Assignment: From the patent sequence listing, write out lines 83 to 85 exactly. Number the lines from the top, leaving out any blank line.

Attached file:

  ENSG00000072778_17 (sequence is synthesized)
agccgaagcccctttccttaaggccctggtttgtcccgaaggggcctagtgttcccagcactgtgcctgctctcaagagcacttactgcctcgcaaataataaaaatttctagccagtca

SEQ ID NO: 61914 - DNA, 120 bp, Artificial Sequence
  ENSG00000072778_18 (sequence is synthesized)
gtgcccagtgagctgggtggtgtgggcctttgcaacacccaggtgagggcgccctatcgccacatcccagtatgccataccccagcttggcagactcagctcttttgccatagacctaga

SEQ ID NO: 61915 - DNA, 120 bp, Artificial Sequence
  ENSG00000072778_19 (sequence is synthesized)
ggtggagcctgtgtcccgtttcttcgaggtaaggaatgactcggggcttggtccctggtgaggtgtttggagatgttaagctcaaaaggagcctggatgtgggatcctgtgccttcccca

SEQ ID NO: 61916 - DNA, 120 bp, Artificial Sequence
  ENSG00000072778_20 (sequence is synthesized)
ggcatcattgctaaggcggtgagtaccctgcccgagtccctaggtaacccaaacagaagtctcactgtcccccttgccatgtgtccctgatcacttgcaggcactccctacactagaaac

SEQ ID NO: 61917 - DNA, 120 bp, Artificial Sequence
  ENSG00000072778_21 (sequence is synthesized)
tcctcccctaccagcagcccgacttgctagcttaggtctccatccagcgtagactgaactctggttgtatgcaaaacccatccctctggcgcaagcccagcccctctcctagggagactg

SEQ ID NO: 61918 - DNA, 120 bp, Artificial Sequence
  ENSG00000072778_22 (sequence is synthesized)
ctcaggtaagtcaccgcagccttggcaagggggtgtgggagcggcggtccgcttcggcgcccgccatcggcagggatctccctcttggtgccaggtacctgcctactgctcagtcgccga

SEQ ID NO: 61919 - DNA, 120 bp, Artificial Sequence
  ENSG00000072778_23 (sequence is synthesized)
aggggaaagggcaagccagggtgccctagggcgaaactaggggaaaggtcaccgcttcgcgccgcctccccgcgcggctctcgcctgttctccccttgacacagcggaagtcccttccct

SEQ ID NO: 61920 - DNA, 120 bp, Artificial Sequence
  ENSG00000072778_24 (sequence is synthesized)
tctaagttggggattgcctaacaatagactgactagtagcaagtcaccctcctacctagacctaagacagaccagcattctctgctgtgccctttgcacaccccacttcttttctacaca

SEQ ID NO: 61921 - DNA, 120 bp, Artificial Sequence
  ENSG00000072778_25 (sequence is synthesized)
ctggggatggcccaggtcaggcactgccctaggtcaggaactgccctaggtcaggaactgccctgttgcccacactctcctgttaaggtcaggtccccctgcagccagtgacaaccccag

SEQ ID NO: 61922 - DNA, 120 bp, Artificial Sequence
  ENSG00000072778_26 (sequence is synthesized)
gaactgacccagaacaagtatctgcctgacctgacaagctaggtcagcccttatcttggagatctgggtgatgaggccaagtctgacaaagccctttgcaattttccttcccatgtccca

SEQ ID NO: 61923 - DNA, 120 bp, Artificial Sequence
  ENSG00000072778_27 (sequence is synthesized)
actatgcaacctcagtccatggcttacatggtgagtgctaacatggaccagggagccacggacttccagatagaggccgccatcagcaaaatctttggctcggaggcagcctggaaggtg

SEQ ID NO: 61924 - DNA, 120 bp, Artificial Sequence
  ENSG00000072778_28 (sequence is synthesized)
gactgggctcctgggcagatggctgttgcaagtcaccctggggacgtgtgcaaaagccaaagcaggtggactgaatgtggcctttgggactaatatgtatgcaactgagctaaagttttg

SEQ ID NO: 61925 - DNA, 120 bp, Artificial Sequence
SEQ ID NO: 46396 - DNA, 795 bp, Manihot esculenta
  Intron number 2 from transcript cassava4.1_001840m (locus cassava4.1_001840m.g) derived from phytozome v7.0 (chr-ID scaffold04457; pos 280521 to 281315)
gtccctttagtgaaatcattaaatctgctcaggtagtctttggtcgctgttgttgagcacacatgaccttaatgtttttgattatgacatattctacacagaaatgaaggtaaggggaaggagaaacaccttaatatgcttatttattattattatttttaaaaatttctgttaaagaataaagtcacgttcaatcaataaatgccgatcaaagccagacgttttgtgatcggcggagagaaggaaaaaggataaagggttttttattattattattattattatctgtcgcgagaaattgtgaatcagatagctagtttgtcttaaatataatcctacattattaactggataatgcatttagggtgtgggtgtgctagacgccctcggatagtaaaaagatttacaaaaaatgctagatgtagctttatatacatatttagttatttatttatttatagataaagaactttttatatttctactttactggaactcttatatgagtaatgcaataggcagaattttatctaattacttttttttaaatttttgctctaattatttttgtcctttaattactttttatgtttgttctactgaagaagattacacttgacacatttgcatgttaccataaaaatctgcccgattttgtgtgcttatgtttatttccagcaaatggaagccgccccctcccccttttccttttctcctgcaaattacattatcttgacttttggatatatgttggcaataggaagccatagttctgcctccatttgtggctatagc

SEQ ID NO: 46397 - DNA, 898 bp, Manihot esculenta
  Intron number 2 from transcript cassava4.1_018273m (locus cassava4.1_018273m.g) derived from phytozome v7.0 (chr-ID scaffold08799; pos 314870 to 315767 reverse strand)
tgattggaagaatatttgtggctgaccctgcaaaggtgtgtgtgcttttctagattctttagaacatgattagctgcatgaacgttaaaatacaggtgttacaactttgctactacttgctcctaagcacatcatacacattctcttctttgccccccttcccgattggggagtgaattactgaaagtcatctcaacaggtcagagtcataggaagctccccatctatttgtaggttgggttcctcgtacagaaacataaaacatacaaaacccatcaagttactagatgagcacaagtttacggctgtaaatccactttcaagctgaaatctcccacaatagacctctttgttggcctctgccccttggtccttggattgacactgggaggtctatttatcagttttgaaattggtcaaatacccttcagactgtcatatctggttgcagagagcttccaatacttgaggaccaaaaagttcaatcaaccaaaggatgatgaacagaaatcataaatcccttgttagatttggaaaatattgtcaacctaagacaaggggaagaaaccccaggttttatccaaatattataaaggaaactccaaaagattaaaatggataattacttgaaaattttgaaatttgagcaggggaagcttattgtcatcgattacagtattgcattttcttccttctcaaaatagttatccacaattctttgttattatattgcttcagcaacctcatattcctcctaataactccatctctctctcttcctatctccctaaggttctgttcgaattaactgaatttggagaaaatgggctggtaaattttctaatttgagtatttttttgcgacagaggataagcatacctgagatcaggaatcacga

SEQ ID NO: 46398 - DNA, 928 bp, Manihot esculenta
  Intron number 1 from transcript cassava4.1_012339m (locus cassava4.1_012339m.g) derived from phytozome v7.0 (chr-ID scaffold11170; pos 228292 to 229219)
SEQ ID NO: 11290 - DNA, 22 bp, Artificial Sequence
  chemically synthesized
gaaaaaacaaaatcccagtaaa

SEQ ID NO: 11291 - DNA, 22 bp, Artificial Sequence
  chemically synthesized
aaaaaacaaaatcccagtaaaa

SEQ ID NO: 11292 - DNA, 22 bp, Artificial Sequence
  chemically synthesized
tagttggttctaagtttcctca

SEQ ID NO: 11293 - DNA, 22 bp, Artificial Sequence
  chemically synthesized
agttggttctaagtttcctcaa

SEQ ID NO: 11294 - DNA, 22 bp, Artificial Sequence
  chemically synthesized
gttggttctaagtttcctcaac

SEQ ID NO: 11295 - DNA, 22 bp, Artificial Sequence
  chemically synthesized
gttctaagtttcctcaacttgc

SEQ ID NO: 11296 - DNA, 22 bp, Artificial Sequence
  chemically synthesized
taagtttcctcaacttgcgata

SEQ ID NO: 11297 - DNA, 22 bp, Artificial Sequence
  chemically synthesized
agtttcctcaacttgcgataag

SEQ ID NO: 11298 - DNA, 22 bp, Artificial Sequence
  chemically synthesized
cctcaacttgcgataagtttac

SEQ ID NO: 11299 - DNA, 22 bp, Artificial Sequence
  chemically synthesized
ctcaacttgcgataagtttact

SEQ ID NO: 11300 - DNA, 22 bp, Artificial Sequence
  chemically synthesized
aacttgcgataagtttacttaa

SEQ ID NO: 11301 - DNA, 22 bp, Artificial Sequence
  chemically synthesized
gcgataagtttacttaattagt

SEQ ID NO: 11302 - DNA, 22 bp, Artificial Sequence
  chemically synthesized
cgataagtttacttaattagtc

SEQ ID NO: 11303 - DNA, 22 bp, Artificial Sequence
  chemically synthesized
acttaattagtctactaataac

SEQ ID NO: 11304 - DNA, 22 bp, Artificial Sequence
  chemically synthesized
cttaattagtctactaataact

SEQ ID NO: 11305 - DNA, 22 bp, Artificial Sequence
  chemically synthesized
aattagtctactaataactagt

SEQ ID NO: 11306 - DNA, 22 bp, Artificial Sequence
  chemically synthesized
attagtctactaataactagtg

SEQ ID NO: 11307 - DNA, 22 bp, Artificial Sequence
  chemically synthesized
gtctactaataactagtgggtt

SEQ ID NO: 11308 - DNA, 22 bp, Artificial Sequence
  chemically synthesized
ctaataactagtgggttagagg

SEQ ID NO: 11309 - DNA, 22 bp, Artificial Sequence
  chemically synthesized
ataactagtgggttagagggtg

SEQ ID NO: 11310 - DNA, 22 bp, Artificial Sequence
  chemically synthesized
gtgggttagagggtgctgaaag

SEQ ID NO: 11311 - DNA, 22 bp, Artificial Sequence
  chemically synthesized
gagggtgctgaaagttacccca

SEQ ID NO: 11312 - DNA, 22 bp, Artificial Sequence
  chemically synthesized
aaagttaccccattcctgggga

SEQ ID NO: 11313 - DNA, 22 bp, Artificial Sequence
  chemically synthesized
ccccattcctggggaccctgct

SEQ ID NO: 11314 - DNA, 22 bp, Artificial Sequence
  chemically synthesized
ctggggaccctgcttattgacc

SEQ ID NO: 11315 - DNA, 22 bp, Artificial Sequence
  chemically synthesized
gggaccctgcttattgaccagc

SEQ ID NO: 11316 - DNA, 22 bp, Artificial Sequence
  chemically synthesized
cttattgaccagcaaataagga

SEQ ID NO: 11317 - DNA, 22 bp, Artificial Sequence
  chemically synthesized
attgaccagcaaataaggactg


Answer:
cgataagtttacttaattagtc

SEQ ID NO: 11303 - DNA, 22 bp, Artificial Sequence
  chemically synthesized